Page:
The implications of a recent Brisbane District Court decision in
J Hutchinson Pty Ltd v Thunder Investments Pty Ltd reminds us of
the draconian effect of timeframes under the Building and
Construction Industry Payments Act 2004 (Qld).
The message of this case is clear – the consequences
of failing to meet payment timeframes under the Act are dire, and
construction industry participants should become very familiar with
the payment timeframes stipulated in the Act.
Contractor, J Hutchinson Pty Ltd entered into an oral agreement
with Thunder Investments Pty Ltd whereby Hutchinson was to
construct a building in Toowoomba. On 12 February 2009, Hutchinson
served a payment claim upon Thunder Investments by way of mail,
facsimile and email. It was not the service of this payment claim
that was in question, but the form of the payment claim that is
required under the Act.
The Act provides that a payment claim should identify:
the construction work to which the payment claim relates;
the amount that the claimant is claiming to be payable;
that it is made pursuant to the Act.
Hutchinson brought an action under the Act for recovery of the
statutory debt owed to them under the payment claim. Thunder
Investments argued against summary judgment, relying on three
The time when the payment claim was made.
That the payment claim was not valid because it failed to
properly identify the construction work, or related goods and
services to which the claim related.
That Hutchinson was estopped from relying upon the absence of a
payment schedule due to the course of dealing between the
The bulk of the argument in this matter was that the payment
claim was not valid. His Honour found that although the documents
were 'relatively terse', they were sufficient to identify
the construction work to which the payment claim related, in that
they made specific reference to the project name, the project
number, the amount claimed, and the fact that the payment claim was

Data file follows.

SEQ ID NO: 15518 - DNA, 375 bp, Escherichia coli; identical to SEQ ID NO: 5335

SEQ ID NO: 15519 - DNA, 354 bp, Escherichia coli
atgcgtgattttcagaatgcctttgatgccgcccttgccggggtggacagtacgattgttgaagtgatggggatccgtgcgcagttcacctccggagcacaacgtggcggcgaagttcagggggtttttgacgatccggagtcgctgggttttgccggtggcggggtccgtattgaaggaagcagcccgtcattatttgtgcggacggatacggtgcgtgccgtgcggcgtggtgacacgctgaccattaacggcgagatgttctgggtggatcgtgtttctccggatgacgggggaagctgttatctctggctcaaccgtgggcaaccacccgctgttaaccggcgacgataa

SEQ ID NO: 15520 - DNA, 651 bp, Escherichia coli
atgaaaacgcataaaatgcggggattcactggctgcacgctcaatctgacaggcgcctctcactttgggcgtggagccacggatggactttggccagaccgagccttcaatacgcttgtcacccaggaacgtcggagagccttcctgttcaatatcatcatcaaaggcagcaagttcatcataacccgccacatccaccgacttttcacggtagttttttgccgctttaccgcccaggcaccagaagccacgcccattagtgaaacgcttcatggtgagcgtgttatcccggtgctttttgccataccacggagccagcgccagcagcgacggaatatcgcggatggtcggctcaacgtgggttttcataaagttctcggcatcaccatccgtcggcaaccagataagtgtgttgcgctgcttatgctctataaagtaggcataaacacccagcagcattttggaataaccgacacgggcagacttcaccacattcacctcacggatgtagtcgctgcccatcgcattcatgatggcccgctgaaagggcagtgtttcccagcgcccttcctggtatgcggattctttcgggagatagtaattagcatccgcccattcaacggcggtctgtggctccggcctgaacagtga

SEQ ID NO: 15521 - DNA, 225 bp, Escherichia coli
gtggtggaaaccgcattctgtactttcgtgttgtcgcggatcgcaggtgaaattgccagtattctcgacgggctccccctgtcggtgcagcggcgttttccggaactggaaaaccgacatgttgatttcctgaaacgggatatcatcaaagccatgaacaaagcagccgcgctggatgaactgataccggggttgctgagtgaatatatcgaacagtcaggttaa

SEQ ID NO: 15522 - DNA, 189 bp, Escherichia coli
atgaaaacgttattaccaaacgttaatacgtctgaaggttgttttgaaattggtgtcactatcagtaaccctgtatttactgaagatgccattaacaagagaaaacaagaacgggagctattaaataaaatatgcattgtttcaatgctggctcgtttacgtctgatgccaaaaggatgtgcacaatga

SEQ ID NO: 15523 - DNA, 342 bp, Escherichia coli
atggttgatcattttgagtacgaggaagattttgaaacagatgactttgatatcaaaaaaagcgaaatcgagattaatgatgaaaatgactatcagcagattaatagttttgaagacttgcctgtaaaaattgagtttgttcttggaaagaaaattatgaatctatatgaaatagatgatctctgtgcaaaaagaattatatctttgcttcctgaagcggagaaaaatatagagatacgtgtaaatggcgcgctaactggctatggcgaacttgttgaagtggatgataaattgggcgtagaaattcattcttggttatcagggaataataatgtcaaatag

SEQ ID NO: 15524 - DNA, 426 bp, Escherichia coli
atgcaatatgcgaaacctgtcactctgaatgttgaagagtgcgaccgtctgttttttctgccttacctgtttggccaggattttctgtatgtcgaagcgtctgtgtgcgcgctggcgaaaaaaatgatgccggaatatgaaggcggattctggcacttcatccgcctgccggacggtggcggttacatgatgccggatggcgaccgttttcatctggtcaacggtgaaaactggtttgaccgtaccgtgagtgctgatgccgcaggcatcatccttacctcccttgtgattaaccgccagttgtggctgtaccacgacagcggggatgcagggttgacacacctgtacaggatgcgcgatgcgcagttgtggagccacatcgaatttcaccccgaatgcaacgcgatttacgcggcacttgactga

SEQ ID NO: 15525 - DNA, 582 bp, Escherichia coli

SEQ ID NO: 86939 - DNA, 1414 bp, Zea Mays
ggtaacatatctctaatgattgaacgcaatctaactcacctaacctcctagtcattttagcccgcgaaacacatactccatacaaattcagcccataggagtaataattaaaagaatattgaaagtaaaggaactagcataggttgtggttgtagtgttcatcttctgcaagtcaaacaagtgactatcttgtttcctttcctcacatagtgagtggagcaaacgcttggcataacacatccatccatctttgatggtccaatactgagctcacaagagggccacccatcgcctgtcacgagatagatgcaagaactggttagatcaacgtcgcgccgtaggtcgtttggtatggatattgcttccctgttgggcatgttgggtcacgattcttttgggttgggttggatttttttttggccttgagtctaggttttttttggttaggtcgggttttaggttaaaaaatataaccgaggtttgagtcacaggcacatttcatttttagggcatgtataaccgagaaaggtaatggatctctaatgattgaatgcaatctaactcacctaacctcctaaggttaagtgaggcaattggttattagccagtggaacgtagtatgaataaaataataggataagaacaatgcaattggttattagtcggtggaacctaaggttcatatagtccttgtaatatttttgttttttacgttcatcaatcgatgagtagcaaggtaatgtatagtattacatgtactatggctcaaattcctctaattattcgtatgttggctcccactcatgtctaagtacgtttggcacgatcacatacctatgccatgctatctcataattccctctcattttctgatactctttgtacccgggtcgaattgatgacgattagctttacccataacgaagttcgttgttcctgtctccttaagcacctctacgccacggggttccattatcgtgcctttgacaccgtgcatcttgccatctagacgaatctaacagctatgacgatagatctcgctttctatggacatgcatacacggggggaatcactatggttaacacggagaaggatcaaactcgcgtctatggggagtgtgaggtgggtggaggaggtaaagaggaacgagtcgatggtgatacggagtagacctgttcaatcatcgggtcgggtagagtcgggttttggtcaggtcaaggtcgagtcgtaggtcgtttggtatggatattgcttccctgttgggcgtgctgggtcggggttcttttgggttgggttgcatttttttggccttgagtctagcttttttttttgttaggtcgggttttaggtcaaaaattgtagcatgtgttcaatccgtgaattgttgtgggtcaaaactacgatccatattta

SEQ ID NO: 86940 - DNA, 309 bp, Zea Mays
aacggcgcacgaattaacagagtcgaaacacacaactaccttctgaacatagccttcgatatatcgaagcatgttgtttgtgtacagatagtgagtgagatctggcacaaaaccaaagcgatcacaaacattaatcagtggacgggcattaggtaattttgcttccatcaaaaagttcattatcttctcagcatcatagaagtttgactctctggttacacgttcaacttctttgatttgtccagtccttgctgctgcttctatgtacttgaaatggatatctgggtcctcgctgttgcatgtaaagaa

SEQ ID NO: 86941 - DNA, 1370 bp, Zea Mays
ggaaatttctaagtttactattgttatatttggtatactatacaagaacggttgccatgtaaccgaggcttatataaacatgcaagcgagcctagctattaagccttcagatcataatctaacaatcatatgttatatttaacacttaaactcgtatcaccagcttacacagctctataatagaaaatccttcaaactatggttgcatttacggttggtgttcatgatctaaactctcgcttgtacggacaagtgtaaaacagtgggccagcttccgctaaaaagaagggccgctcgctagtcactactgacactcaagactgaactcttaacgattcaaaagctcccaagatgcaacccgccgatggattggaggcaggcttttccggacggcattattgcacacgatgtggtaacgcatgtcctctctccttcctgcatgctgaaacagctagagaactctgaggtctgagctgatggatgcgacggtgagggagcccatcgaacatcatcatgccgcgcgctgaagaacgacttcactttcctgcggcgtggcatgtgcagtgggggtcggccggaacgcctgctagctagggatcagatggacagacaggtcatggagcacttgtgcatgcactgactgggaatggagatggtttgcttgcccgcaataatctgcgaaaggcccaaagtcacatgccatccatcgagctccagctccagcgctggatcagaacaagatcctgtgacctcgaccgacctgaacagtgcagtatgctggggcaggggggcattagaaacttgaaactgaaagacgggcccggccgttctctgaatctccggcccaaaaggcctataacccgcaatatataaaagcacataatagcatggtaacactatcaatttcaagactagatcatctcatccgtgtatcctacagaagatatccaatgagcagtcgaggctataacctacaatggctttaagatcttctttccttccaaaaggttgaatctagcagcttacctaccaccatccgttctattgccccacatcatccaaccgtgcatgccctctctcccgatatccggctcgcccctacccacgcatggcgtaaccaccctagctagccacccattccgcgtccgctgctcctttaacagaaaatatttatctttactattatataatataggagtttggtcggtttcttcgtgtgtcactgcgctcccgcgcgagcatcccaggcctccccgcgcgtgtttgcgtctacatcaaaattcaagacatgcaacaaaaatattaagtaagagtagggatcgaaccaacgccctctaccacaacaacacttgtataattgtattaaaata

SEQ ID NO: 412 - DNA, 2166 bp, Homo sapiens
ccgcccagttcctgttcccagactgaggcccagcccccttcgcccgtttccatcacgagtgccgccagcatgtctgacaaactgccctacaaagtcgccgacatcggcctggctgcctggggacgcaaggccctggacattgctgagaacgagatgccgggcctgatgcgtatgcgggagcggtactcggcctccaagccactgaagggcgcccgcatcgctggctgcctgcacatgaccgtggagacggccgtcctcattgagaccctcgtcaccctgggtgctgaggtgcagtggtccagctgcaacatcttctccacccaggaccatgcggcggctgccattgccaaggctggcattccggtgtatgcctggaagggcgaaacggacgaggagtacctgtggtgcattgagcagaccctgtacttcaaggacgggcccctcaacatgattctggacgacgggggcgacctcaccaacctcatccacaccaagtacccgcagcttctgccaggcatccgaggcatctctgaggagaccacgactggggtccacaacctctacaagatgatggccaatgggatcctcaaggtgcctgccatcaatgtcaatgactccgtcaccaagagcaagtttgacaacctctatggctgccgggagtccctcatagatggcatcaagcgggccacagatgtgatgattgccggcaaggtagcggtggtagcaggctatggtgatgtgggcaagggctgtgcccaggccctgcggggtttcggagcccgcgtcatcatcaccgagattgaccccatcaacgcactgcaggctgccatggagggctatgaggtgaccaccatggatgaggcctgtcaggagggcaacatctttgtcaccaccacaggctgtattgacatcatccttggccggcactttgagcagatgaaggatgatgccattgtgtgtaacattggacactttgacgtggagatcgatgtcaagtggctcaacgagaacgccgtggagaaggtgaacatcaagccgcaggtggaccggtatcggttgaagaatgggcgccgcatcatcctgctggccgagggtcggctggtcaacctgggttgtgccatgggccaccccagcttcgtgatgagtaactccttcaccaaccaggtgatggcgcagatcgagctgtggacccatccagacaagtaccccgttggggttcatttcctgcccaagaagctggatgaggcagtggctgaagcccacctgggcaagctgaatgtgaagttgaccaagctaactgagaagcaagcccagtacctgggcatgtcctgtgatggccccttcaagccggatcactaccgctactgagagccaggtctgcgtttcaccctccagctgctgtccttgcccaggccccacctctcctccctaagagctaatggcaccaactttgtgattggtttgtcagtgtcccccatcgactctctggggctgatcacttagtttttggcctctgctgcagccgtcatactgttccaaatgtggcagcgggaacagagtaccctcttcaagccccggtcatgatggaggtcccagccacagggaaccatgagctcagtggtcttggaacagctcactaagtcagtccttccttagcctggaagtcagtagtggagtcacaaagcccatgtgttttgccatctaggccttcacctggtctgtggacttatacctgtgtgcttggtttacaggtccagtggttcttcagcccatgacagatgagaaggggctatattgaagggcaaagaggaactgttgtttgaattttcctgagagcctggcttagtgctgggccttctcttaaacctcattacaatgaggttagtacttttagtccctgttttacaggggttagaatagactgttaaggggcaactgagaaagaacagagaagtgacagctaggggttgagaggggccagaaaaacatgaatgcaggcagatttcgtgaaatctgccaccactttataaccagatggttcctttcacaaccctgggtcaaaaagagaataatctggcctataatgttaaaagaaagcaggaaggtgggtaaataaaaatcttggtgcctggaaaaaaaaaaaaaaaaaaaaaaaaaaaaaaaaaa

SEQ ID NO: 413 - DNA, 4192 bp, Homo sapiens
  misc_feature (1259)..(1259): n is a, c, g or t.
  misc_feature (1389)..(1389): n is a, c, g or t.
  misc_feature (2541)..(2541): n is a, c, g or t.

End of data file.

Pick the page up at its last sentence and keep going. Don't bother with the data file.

made pursuant to the Act. This was sufficient for His Honour to
grant summary judgment to Hutchinson for the amount sought, being
His Honour also noted in his reasoning for granting summary
judgment, that in the event that Thunder Investments did wish to
dispute its obligation to pay the amount claimed in the payment
claim, it should have, within 10 days, resisted payment by
responding with a payment schedule pursuant to s18 of the Act.
Under this section, if the recipient proposes to pay anything less
than the amount claimed, the amount that is proposed to be paid as
well as reasons for the reduction in the amount should be included
in the schedule.
Section 19 of the Act outlines the consequences for a principal
of not delivering a payment schedule within the timeframe
stipulated under the Act. Notably, the principal immediately
becomes liable to pay the amount claimed, and the claimant is
entitled to recover that amount as a statutory debt. Most
significantly, in circumstances where the claimant brings
proceedings, s19 (4) will prevent the respondent or principal from
raising any defence in relation to matters arising under the
This decision hammers home the dire consequences of failing to
meet the rigid timeframes under the Act. The Act has become one of
the most critical tools for construction industry participants to
ensure that payment is made under a construction contract. The
Hutchinson matter clearly demonstrates how easily and quickly a
valid payment claim can be recovered under the Act.
Participants in the construction industry should ensure that
they are well informed of the timeframes stipulated in the Act in
relation to payment claims and payment schedules. Without a
thorough knowledge of the Act, you run the risk of being
'thunderstruck' as was the case for Thunder
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